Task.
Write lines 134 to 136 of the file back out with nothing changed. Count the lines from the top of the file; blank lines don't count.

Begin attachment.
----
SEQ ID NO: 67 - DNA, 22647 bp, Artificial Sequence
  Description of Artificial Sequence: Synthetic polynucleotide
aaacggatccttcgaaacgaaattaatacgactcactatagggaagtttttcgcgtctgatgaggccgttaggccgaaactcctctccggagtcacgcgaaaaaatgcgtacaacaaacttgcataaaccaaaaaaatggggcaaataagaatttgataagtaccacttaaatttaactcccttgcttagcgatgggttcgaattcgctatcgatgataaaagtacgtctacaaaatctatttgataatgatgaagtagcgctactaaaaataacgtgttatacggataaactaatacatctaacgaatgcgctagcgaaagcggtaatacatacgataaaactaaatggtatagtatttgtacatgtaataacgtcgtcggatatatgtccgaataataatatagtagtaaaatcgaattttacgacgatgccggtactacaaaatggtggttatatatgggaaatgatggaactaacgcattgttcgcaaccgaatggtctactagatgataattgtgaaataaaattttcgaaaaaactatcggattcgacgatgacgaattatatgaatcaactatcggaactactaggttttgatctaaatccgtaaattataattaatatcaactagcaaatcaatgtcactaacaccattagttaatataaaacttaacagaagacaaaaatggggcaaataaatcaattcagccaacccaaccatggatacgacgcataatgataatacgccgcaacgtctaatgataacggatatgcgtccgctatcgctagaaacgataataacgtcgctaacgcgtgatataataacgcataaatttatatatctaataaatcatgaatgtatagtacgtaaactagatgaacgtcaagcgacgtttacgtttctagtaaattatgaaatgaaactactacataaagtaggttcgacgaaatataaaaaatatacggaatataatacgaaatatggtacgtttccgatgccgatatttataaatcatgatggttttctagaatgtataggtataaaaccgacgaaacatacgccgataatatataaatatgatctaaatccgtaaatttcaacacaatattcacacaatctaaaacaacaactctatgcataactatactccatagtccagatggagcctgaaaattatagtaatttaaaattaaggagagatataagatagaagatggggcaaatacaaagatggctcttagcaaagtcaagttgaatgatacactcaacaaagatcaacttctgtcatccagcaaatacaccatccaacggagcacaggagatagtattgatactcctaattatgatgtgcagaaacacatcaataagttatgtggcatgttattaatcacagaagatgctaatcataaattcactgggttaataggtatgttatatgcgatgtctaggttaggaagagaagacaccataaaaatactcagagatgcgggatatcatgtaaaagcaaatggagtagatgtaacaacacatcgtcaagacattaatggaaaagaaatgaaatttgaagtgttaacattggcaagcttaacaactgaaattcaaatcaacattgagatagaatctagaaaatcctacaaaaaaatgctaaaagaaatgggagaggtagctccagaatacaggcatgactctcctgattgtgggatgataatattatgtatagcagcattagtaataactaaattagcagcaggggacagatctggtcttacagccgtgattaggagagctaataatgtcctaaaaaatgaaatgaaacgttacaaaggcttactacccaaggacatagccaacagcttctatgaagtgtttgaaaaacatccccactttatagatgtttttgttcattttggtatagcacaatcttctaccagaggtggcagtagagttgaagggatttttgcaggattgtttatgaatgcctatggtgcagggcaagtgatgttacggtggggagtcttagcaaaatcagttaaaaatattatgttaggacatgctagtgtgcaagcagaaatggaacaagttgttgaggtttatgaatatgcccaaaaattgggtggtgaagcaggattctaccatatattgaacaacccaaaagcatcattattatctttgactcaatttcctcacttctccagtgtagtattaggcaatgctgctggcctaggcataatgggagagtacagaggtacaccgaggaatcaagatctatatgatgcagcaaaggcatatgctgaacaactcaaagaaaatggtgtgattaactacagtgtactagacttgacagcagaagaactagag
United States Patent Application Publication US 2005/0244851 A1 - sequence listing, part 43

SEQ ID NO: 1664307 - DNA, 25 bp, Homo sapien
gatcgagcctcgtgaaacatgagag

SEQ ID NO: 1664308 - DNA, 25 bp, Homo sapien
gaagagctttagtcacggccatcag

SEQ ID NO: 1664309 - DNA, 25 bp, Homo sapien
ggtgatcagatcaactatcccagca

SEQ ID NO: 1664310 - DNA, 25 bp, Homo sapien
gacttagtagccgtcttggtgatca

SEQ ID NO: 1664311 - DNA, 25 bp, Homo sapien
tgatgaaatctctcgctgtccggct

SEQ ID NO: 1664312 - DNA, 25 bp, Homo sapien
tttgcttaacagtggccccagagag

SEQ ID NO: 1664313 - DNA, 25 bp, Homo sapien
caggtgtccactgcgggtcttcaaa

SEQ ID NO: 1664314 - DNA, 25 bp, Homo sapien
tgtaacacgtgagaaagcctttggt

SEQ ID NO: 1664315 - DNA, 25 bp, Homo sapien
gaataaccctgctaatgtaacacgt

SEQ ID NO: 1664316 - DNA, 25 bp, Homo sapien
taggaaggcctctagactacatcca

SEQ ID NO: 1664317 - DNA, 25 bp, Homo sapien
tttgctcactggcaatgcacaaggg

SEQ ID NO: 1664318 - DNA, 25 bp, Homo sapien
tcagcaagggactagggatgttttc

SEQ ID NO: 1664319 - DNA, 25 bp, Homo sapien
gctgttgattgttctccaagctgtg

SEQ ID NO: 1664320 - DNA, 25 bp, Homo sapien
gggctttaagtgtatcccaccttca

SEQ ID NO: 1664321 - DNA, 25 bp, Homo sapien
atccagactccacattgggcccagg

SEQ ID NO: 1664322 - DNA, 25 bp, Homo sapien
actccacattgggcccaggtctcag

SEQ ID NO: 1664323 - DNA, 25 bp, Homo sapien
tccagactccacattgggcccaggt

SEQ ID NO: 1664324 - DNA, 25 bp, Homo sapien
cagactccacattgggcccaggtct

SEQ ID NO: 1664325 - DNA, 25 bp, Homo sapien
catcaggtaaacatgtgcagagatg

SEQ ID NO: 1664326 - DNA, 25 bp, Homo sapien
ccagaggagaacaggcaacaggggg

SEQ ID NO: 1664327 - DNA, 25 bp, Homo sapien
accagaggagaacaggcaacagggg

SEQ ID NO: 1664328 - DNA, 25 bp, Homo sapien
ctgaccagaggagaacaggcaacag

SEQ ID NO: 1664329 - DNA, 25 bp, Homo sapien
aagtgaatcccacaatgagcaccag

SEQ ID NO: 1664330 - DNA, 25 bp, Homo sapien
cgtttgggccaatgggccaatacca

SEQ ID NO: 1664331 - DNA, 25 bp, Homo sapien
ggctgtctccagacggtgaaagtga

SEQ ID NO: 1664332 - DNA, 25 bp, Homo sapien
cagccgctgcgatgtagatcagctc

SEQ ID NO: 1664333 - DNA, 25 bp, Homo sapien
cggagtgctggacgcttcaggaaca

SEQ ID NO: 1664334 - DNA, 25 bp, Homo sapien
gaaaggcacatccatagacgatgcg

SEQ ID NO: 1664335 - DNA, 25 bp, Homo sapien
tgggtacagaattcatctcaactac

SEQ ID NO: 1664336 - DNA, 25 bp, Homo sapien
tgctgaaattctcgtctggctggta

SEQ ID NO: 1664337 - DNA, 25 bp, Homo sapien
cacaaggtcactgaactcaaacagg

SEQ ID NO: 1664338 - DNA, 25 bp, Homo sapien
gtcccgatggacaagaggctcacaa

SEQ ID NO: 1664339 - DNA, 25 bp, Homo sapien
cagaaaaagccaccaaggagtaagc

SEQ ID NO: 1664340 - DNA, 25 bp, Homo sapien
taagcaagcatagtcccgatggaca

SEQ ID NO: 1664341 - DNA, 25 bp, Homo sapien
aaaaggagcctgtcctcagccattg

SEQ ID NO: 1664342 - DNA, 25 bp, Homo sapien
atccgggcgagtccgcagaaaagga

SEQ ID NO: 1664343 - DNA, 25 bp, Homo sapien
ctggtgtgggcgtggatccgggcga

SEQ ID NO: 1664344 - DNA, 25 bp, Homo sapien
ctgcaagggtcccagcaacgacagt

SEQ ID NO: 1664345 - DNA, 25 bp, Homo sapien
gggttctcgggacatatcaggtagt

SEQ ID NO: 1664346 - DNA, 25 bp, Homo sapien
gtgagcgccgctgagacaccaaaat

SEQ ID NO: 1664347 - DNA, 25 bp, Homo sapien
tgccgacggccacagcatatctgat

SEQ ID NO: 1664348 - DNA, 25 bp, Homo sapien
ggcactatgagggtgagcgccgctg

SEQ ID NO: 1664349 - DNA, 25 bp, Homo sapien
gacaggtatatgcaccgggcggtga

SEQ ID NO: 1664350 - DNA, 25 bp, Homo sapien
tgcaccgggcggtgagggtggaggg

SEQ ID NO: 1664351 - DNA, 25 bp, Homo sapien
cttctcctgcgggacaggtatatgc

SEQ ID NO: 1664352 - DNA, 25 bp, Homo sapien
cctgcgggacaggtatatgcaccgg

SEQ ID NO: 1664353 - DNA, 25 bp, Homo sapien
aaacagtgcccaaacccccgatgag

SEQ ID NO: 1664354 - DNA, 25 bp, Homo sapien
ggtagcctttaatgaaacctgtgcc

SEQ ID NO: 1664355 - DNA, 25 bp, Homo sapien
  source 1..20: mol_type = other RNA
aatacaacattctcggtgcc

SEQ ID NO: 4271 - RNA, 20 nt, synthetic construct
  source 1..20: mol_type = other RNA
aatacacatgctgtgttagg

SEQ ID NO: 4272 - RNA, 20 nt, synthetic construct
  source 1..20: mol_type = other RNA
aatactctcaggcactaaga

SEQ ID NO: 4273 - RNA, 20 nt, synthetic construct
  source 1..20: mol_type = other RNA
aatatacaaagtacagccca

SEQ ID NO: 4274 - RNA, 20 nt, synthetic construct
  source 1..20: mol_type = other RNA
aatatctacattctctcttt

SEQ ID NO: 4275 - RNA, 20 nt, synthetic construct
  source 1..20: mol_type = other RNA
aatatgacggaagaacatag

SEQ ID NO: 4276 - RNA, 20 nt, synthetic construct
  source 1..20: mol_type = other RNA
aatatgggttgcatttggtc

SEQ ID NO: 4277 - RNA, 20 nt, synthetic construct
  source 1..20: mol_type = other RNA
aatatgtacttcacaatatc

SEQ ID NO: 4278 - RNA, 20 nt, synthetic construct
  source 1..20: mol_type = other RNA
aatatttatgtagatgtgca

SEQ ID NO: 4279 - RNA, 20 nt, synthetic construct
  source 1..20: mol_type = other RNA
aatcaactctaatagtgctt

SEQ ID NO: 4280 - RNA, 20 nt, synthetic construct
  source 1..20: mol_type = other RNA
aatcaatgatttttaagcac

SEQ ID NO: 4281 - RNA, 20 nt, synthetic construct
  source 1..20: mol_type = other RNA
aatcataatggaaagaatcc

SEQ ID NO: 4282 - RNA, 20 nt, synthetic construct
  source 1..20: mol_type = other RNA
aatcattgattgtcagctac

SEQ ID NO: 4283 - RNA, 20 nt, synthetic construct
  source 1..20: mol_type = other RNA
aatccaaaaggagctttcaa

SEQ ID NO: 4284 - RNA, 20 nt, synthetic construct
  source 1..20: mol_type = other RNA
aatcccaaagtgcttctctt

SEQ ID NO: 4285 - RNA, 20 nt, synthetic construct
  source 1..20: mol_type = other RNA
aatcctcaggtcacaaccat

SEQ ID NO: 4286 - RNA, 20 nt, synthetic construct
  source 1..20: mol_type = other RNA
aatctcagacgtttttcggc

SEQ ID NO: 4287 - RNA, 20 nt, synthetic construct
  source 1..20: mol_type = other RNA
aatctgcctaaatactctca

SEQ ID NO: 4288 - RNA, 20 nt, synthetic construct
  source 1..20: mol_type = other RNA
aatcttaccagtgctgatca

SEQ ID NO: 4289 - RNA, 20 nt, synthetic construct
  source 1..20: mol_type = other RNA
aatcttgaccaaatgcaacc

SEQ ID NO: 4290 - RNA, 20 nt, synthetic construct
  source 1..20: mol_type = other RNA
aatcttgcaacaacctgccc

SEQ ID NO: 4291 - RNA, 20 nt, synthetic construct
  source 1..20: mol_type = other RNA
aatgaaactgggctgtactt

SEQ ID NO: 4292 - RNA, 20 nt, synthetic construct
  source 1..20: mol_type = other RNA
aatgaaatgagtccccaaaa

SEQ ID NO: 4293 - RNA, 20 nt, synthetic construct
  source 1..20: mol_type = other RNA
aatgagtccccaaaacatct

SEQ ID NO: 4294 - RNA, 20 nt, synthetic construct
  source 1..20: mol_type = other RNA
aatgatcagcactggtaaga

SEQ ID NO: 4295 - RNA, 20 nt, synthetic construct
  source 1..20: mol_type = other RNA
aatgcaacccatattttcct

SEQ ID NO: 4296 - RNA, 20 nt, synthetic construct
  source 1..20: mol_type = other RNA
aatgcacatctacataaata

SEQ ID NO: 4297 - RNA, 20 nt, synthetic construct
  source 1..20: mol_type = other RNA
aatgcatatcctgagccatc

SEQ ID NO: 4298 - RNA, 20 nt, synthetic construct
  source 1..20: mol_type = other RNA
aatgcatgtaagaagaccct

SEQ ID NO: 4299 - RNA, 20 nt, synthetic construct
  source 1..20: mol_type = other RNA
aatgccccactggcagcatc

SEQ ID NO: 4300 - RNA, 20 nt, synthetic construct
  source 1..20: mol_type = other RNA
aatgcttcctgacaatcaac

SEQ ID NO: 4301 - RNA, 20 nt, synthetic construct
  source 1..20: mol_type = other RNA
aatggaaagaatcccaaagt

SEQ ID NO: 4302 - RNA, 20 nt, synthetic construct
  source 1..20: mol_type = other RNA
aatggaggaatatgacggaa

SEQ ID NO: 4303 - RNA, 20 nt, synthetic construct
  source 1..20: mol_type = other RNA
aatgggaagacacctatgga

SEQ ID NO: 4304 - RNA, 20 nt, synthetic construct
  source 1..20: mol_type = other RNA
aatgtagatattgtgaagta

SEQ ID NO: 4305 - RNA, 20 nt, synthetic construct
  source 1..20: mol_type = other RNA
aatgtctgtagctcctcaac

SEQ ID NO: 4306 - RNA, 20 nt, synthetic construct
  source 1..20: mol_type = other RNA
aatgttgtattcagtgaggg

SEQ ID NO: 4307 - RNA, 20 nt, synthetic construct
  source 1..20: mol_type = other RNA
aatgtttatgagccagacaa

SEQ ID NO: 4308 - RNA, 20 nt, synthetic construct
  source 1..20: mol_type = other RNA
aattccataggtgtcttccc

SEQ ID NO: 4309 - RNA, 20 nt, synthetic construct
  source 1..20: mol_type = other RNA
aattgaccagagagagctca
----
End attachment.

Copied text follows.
SEQ ID NO: 4281 - RNA, 20 nt, synthetic construct
  source 1..20: mol_type = other RNA
aatcataatggaaagaatcc